Last week, I deleted the Twitter, Instagram, and Facebook apps from my phone. I didn’t delete or close the accounts themselves; I just made them less immediately accessible to myself. I wanted to write about it, to explain why I’m exploring an even bigger move away from social media, but when I called my mom for a clarifying conversation, we both walked away over an hour later with more questions than answers, more nuance than clarity. Instead of a concise piece about the decision, I’ll instead offer you the same array of confusion that we explored.
- Social media is like a hammer: It can build up or it can tear down. It’s a place to find the basest beliefs and bullying and it’s the platform for world-improving activism.
- Social media is also a tool that can help us meet people and grow businesses and yet we were doing both of those things before social, before the internet, before computers. Though true relationship building can be slow and intensive, I believe it is where all of the best stuff happens.
- Yes, true relationship building can happen on and via social media platforms but I suspect that’s far less frequent than superficial interactions.
- I don’t trust the moguls behind Facebook (and its purchased progeny, Instagram) or Twitter. I don’t trust them with my data, I don’t trust their ethics, I don’t trust their motivations. My participation in their platforms, however, communicates implicit approval or at least acceptance.
- There’s too much data tracking and too much acceptance of this loss of privacy for my comfort.
- Most, if not all, of the value I find on social platforms – for example, discovering artists and learning from activists – I can get in other ways.
- Will I disappear, especially as a professional, without an active presence on these platforms?
- How will I keep in touch with friends and family that I now only see on social? Will they be willing to engage with me elsewhere?
- Will I be able to sell the book I’m writing to a publisher or my audience without a robust social following?
- Is it naïve to think that by refraining from (most) social media platforms, that I’m actually distancing myself from the harm that they do? (Again, I recognize that they also enable great stuff.)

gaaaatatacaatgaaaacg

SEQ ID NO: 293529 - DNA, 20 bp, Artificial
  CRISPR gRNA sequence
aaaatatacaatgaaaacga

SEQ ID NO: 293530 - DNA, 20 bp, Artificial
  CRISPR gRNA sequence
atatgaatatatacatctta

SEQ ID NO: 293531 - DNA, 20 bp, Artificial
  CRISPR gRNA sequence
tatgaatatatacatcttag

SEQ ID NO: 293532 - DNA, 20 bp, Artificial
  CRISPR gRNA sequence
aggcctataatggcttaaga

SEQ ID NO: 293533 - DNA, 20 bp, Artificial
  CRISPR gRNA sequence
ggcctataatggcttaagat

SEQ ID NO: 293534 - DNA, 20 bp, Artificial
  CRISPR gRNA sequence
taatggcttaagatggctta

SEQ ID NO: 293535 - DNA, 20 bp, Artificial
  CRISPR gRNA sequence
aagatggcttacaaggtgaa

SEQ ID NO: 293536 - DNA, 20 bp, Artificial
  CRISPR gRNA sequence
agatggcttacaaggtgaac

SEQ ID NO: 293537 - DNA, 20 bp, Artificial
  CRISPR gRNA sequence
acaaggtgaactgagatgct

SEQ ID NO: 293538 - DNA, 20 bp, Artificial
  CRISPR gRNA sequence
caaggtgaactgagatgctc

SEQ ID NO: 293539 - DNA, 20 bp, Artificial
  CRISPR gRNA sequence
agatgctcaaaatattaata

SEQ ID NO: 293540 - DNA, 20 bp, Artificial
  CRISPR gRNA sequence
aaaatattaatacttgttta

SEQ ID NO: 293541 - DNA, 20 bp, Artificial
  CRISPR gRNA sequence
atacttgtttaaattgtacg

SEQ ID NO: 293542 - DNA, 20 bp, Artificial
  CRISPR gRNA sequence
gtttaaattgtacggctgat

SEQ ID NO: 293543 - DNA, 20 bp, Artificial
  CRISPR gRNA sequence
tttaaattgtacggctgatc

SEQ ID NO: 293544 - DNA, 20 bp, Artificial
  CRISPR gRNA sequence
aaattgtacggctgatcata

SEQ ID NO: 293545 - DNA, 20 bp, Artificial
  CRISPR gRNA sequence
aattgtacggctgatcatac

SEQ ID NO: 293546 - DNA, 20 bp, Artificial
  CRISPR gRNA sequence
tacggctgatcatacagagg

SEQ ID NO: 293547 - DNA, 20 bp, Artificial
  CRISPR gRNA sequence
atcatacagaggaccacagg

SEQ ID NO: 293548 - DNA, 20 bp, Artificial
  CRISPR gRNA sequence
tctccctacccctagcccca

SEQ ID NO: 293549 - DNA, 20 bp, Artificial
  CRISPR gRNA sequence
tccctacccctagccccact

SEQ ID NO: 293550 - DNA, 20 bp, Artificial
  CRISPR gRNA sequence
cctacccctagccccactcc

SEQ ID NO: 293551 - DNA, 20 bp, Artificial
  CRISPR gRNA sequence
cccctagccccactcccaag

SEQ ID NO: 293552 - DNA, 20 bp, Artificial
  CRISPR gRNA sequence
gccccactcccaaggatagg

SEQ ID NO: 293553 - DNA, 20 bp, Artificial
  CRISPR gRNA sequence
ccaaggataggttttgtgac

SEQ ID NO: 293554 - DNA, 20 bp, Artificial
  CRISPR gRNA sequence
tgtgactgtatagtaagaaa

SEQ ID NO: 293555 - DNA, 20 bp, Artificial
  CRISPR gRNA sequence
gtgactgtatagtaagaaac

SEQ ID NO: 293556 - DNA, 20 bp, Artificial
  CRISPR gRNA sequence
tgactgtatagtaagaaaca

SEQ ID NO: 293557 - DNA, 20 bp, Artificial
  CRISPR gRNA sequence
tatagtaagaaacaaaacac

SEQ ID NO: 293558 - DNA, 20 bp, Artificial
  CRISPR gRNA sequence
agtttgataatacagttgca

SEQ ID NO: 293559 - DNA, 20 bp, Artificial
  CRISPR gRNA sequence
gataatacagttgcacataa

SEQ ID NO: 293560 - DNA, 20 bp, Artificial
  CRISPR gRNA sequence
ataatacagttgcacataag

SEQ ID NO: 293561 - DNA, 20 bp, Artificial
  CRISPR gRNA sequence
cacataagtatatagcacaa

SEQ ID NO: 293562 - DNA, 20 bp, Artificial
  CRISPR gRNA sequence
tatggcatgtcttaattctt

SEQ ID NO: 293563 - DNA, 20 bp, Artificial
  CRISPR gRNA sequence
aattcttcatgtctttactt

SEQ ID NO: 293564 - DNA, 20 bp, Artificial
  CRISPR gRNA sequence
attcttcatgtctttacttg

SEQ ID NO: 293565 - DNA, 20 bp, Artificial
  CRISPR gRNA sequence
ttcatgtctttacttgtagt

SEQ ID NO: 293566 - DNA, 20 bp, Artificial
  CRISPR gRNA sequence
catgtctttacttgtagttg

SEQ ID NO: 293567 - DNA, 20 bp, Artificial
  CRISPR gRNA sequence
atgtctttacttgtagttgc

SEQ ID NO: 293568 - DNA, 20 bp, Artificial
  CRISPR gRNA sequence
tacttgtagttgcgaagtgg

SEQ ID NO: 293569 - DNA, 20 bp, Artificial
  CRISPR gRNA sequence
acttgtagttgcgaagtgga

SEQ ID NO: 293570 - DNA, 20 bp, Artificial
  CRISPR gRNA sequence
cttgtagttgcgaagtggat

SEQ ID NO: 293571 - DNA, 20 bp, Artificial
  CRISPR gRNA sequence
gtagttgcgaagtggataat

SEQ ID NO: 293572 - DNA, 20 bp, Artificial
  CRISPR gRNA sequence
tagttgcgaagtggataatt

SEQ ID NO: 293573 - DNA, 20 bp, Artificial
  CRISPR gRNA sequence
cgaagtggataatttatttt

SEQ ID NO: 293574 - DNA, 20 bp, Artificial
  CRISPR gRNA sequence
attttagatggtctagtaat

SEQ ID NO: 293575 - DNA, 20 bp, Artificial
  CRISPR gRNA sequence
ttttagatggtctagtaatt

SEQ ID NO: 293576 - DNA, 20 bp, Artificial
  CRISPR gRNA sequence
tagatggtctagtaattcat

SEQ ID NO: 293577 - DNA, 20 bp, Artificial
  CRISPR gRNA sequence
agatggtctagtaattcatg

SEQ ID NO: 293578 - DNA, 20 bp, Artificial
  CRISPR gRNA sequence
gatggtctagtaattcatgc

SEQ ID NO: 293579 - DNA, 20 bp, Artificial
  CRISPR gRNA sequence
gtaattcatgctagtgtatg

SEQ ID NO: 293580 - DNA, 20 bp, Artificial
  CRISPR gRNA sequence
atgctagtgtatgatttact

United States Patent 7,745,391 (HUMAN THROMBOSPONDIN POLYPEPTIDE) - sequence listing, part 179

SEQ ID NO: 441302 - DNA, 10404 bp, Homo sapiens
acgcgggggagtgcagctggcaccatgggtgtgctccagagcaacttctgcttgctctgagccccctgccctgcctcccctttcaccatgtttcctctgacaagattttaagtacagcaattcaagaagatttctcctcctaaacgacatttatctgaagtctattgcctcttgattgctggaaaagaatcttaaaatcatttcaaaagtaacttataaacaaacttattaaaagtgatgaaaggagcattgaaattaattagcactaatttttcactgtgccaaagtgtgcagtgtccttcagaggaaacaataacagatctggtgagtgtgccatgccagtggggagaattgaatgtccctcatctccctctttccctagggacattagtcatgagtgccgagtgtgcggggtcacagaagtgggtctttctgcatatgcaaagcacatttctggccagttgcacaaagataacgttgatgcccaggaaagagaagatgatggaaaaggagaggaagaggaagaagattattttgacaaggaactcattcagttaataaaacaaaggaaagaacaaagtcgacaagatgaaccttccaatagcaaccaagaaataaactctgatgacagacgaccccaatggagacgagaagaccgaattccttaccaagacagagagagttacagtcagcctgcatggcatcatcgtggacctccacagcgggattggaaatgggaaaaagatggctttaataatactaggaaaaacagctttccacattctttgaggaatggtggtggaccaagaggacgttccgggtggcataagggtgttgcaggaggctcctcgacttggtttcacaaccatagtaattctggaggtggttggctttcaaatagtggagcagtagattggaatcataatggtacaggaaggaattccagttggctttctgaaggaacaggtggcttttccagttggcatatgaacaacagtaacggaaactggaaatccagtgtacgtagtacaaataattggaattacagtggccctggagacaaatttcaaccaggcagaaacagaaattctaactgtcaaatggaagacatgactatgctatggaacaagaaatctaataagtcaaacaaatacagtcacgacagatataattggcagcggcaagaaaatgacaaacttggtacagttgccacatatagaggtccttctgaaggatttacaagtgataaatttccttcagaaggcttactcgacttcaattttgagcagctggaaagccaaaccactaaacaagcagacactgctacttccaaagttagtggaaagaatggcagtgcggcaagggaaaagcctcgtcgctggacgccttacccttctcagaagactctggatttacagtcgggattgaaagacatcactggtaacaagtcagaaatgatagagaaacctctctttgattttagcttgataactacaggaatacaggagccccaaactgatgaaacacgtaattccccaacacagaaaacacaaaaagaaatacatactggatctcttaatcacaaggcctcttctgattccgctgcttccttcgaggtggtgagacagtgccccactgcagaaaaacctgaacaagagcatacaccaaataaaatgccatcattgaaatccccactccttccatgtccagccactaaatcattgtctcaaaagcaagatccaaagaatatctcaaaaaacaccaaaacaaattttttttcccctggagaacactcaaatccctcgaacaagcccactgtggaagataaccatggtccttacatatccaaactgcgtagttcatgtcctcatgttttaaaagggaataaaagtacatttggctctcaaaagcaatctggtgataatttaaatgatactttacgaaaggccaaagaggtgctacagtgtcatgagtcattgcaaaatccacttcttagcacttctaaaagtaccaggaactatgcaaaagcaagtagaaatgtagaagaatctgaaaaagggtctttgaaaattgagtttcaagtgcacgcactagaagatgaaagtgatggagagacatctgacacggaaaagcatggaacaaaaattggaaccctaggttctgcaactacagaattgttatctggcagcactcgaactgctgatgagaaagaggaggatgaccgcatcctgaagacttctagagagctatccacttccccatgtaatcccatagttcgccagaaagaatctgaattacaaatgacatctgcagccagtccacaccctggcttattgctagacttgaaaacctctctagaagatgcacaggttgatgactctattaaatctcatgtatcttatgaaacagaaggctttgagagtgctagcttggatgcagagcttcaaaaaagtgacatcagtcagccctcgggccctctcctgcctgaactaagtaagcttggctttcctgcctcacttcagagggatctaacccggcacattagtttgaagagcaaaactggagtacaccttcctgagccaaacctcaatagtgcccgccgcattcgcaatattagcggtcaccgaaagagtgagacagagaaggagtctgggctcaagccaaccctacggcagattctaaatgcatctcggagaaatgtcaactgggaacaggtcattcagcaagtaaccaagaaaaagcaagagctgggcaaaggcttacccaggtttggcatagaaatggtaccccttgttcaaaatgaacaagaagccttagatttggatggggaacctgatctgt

- FOMO, or the fear of missing out – on events, cultural trends, etc. (As I wrote that, I realized how curious it is that FOMO was coined to describe the discomfort of missing out that keeps us online rather than the fear of missing out on what we’re ignoring when we’re online.)
- Moving my focus from appealing to greater masses to interactions with individuals and small groups.
- Reassigning the time I have spent on creating social posts and surfing social feeds towards more intentional relationship building via coffee dates, phone calls, video chats, emails, etc.
- Challenging myself to ask more directly for support and help – Would you please share this blog post if you know someone you think might like it? Would you please introduce me to someone you think I might like to know? – rather than the indirect plea for help and support that is the philosophy of creating social media content in the hopes that it will get shared.
- Getting more distance from algorithmic bubbles. Algorithms were created to give us the information that we were most likely to want which leads to things like reinforcing and deepening our existing beliefs rather than exposing us to a wider realm of the world’s perspectives and information.
When my mom and I got off the phone, I opened a YouTube video sent by a friend and there in the feed was an ad that said, “Do you trust Facebook? Yes or No.” Talk about a spike in the distrust that I mentioned earlier since I have no doubt that this ad was no more a coincidence than the time my mom and I were talking in person about rice cookers only to have ads for rice cookers appear on her phone browser the next time she turned it on, or my sister’s recent trip to an ophthalmologist and the ads for glasses that appeared by the time she got home.
“If you carry a phone, you are public. That’s all she wrote,” my mom texted in response to my screenshot of the ad I found on YouTube.
On the continuum where going gentle into that goodnight on privacy is one extreme and forsaking all convenience for a life of rugged self-sufficiency in the boonies is the other extreme, I choose the wide grey middle ground. There, I have no choice but to accept the limitations of today’s version of privacy while also refusing to accept the inevitability of zero privacy or my dependence on social platforms or the pull of my ego that says, “More notifications, more likes, more comments are the measure of your value!”
Right now, today, that means deleting those apps from my phone, noticing my discomfort as I retrain myself to use moments of pause for daydreaming, reading books, writing bits of poems or essays or letters, and/or connecting with those around me. Maybe next month, I’ll choose a different point on the spectrum.
Right now, this is what feels best to me, most nurturing, offering the most presence to my life and those who are in it and who I hope will someday be in it.
As is so often the case, I don’t think this one has any right or wrong answers, just the opportunity for curiosity and exploration.
I’d love to hear where you are in this exploration and I’d also like to ask you directly to share this with anyone you know who might be exploring similar ideas, fears, and possibilities.